Rumours have been flying around that IF the lockdown rules are relaxed, it may be compulsory to wear a facemask when out in public .In confined areas there is a good case for their enforcement.

For me personally, when I venture out to the supermarket or anywhere I have to go shopping in, I am mindful of being enclosed and in quite close proximity to others and therefore I do feel a bit safer when I am wearing a mask.

I was very sceptical as to the benefit of masks for a long while.  I remember my dear dentist telling me one time that he wore a mask so he didn’t breath Balti all over me!  I soon became a convert after hearing an interview with Gary Liu, a journalist in Hong Kong who lived through the SARS outbreak back at the start of the century.   Historically,’ disasters’ have been a great catalyst for change of legislation regarding Health & Safety. Hong Kong made changes back then and the evidence as to the benefit of their experience has been no more apparent than in countries where they have experienced similar crisis to the one we are all experiencing now. History repeated itself and these countries, such as Hong Kong and South Korea managed to contain the outbreak dramatically. In comparison the reaction in the rest of the world has been quite different. Korea and Hong Kong had the T Shirt with the box tick on it and had learnt from their previous experience. Face masks have now become a common accessory.

So that is why I am persuaded they are a good thing. When facemasks are used in conjunction with all the other advice from the authorities.

I am VERY concerned about what the impact will be on the environment if everyone rushes out and buys disposable face masks. It is starting to become a bit of an eyesore to see discarded PPE in public places. Not only is it a health hazard, but a blight on the environment too. I also think that it goes without saying that disposable masks should be reserved for front-line workers.

Its hard for me to be unbiased and retain any credibility if I weigh up the pros and cons of facemasks for use by the general public, especially as I am selling reusable ones.  I could flood this blog with reports that will support my conviction that they serve a purpose.  It is possible to find research on the web that tells you  whatever  you want it to say,  I think people are capable of making up their own minds.   The Ted Talk interview I referred to earlier can be found  here. It lasts for about an hour, but in my opinion is interesting and informative; Worth spending the time listening.

My one assertion is that if Facemask wearing is made compulsory for the public in crowded areas, they need to be reusable!  If we dispose of anything, it is the throw-away society that we have created..

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We must though, have been heartened by the incredible positive affect on the planet in terms of pollution since we went into lock down.

I hope and pray that we are all going to raise our game in our efforts to adopt even more environmentally conscious behaviours as a result.  Lets hear it for reusable sustainable facemasks.  Lets let the Frontline workers have the disposable masks.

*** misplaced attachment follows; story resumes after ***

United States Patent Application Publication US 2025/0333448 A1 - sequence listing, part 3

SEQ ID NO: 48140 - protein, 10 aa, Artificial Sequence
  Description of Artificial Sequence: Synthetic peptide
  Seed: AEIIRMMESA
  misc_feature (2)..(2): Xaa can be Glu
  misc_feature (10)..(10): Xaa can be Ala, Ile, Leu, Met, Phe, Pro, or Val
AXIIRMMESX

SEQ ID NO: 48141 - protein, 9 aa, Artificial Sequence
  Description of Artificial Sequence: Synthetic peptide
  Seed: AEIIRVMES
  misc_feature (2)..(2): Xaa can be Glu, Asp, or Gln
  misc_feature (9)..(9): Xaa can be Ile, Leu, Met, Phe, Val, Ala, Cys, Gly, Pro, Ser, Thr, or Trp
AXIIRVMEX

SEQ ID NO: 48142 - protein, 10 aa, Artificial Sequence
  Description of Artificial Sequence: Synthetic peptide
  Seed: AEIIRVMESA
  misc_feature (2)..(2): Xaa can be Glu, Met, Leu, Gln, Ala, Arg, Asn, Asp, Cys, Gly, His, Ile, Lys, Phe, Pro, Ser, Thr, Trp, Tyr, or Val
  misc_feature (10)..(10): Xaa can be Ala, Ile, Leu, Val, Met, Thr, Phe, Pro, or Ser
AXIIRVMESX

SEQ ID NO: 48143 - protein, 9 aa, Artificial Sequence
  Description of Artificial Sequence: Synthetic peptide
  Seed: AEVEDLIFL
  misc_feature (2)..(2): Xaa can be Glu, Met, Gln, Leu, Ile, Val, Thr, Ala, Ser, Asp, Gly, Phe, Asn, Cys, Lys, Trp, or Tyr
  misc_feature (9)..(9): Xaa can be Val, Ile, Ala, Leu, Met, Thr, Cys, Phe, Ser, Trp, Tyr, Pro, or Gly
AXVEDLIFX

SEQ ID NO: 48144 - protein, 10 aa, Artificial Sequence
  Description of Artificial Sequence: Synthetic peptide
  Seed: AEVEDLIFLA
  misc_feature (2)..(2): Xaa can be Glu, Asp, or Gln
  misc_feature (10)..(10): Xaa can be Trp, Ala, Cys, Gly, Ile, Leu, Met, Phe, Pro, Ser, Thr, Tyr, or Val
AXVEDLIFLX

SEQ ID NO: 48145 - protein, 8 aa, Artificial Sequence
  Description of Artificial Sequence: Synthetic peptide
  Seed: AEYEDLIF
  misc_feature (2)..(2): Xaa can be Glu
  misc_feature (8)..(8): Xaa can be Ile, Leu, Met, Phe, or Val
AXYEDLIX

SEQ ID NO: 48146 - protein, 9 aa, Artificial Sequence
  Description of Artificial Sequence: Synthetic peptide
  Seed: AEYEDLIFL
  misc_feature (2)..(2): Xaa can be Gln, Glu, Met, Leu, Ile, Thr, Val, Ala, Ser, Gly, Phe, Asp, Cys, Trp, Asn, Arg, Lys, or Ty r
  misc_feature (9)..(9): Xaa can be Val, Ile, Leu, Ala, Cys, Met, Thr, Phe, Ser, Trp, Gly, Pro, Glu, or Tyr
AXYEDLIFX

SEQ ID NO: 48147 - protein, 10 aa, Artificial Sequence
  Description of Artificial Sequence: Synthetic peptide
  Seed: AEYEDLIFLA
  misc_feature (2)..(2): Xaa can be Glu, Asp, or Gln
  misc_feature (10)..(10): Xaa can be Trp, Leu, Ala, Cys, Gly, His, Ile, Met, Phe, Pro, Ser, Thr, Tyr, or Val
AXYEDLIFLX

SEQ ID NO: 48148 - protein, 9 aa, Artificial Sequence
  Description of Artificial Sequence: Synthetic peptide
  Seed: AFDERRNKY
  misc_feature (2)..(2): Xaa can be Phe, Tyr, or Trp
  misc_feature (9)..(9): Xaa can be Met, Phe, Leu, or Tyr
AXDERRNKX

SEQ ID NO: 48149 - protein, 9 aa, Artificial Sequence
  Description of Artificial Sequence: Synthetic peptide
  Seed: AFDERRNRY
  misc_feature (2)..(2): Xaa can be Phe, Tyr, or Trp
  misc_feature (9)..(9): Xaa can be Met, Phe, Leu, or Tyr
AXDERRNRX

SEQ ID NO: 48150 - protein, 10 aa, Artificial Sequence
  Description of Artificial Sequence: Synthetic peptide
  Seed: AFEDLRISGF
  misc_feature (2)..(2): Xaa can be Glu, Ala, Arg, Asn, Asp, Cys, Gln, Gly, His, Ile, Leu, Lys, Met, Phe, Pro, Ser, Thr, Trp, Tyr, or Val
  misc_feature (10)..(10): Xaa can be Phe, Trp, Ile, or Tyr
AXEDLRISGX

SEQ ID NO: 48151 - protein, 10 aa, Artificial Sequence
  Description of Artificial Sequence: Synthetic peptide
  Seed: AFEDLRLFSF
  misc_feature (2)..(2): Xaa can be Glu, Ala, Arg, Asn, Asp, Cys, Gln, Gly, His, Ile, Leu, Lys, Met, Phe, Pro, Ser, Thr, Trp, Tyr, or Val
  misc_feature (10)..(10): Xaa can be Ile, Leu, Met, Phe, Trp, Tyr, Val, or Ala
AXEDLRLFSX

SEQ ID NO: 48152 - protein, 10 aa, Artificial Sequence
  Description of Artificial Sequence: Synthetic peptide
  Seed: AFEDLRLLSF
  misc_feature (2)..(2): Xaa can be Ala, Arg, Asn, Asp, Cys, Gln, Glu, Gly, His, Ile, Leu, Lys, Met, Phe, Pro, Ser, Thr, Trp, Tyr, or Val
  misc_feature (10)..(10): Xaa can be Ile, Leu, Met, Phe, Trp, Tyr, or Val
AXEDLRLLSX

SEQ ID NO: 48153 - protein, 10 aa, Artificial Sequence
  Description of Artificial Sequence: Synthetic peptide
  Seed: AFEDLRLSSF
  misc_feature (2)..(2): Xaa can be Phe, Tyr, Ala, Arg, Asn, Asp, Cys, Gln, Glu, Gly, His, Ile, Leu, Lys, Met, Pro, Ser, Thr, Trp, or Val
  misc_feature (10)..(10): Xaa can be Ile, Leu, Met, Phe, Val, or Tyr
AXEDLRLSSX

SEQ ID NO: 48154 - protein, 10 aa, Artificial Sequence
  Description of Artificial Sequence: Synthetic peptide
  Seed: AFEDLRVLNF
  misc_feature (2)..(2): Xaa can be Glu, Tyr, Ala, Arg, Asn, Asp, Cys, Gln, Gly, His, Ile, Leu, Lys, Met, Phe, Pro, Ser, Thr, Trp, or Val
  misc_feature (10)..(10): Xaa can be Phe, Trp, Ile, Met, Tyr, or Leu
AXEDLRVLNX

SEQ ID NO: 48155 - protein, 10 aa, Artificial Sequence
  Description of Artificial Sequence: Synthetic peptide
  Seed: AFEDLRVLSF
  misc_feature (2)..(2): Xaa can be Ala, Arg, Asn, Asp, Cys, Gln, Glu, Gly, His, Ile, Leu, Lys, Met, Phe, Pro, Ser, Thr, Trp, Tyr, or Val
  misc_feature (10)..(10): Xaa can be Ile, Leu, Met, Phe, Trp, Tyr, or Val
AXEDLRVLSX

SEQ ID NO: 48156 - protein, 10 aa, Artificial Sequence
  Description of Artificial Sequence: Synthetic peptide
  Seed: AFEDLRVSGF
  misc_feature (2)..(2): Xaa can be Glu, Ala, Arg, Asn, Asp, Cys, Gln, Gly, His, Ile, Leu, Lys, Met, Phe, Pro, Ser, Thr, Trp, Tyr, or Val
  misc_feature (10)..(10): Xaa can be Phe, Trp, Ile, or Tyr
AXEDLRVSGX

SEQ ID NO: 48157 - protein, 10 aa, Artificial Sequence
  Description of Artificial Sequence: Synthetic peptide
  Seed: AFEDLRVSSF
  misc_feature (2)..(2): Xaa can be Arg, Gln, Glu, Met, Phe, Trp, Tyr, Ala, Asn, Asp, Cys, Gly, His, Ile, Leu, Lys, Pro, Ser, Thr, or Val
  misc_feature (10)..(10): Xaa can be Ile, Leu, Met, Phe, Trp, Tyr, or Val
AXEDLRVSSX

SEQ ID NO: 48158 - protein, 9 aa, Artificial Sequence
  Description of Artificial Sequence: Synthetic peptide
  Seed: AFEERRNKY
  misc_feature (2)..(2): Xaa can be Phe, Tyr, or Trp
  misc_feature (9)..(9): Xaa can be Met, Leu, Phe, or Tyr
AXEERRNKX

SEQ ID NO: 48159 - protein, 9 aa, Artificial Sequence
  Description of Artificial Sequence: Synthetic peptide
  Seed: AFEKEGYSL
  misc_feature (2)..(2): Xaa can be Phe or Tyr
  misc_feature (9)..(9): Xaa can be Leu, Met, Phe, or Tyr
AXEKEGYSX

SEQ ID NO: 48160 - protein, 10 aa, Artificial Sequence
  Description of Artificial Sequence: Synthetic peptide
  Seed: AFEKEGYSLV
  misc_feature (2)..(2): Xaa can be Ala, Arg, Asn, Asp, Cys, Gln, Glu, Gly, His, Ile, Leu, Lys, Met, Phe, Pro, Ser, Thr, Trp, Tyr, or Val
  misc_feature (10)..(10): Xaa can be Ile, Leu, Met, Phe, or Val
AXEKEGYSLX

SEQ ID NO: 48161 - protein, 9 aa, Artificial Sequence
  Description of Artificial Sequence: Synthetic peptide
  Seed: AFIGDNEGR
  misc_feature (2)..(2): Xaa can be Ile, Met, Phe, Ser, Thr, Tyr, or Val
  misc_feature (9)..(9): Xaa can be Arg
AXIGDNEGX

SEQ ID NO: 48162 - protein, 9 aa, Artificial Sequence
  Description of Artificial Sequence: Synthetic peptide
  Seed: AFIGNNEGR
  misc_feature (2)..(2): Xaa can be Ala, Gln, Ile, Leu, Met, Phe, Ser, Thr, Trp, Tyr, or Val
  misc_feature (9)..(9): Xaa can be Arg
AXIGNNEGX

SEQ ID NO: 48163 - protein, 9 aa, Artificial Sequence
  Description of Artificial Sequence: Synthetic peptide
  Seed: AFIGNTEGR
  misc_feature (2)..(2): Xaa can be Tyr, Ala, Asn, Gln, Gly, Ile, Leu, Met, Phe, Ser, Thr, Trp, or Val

Since I decided to make and sell re-usable masks, I have researched lots of the advice out there to see what good looks like. There are no  standards.  But there is a lot of advice about what the requirements are.

Here is the most relevant and consistenet advice that I have found about re-usable masks.

How To Take Care And Keep The Masks Clean

Whenever you have been outside, the potential for the mask to be contaminated on the outside is exactly the same as for your hands and for the goods and chattels you bring into the house. Therefore, the following advice is given with regard to keeping the masks clean

 

  •  Wash your mask before its first use.  
  • When you return home, remove the mask and keep it in a sealed container until it can be washed
  • To Hand Wash – wash in extremely hot water, ideally over 60°C and use a detergent such as washing up liquid. Do not use softeners or fabric conditioners
  • Wash in the washing machine at 60° C and do not use fabric conditioner, or a detergent that has an added moisturiser. Also, to protect the elastic, it would benefit from being in a mesh delicates bag. 
  • The masks can be cleaned in other household cleaners such as disinfectant, hydrogen peroxide (found in household bleach), or a surgical spirit with at least 70% of alcohol content
  • If washing is not possible, spritz the mask both inside and out to saturation, with an alcohol spray of at least 70% alcohol content.

WHAT DOES A GOOD FACE MASK LOOK LIKE?

Adequate coverage and a good fit around the nose and mouth

Good Filtration. This report explains this better than I can

Breathable – If the mask is not comfortable, it will not be worn

Comfortable Against The Skin – wicking fabric to draw moisture away from the face

Anti-Microbial – A fabric which has been treated to inhibit microbial growth in the warm moist environment

Easily Identifiable from other family members’ masks.

DISCLAIMER:- Using Facemasks is one of many behaviours we all can to adopt to stay safe. They are not a guaranteed protective device against Covid19.  This advice is a summary of the advice that is widely available on the Internet. The aim of this blog is to summarise what is our opinion of the best advice out there for people who decide to wear a reusable mask.  Do not forget the existing advice from the government.  with regard to social distancing, washing your hands, avoiding touching your eyes, nose and mouth, avoid crowded places and anyone who has a fever or a cough, if you feel unwell stay at home, if you have a fever, cough and difficulty breathing, call 111 and follow the advice from trusted sources.

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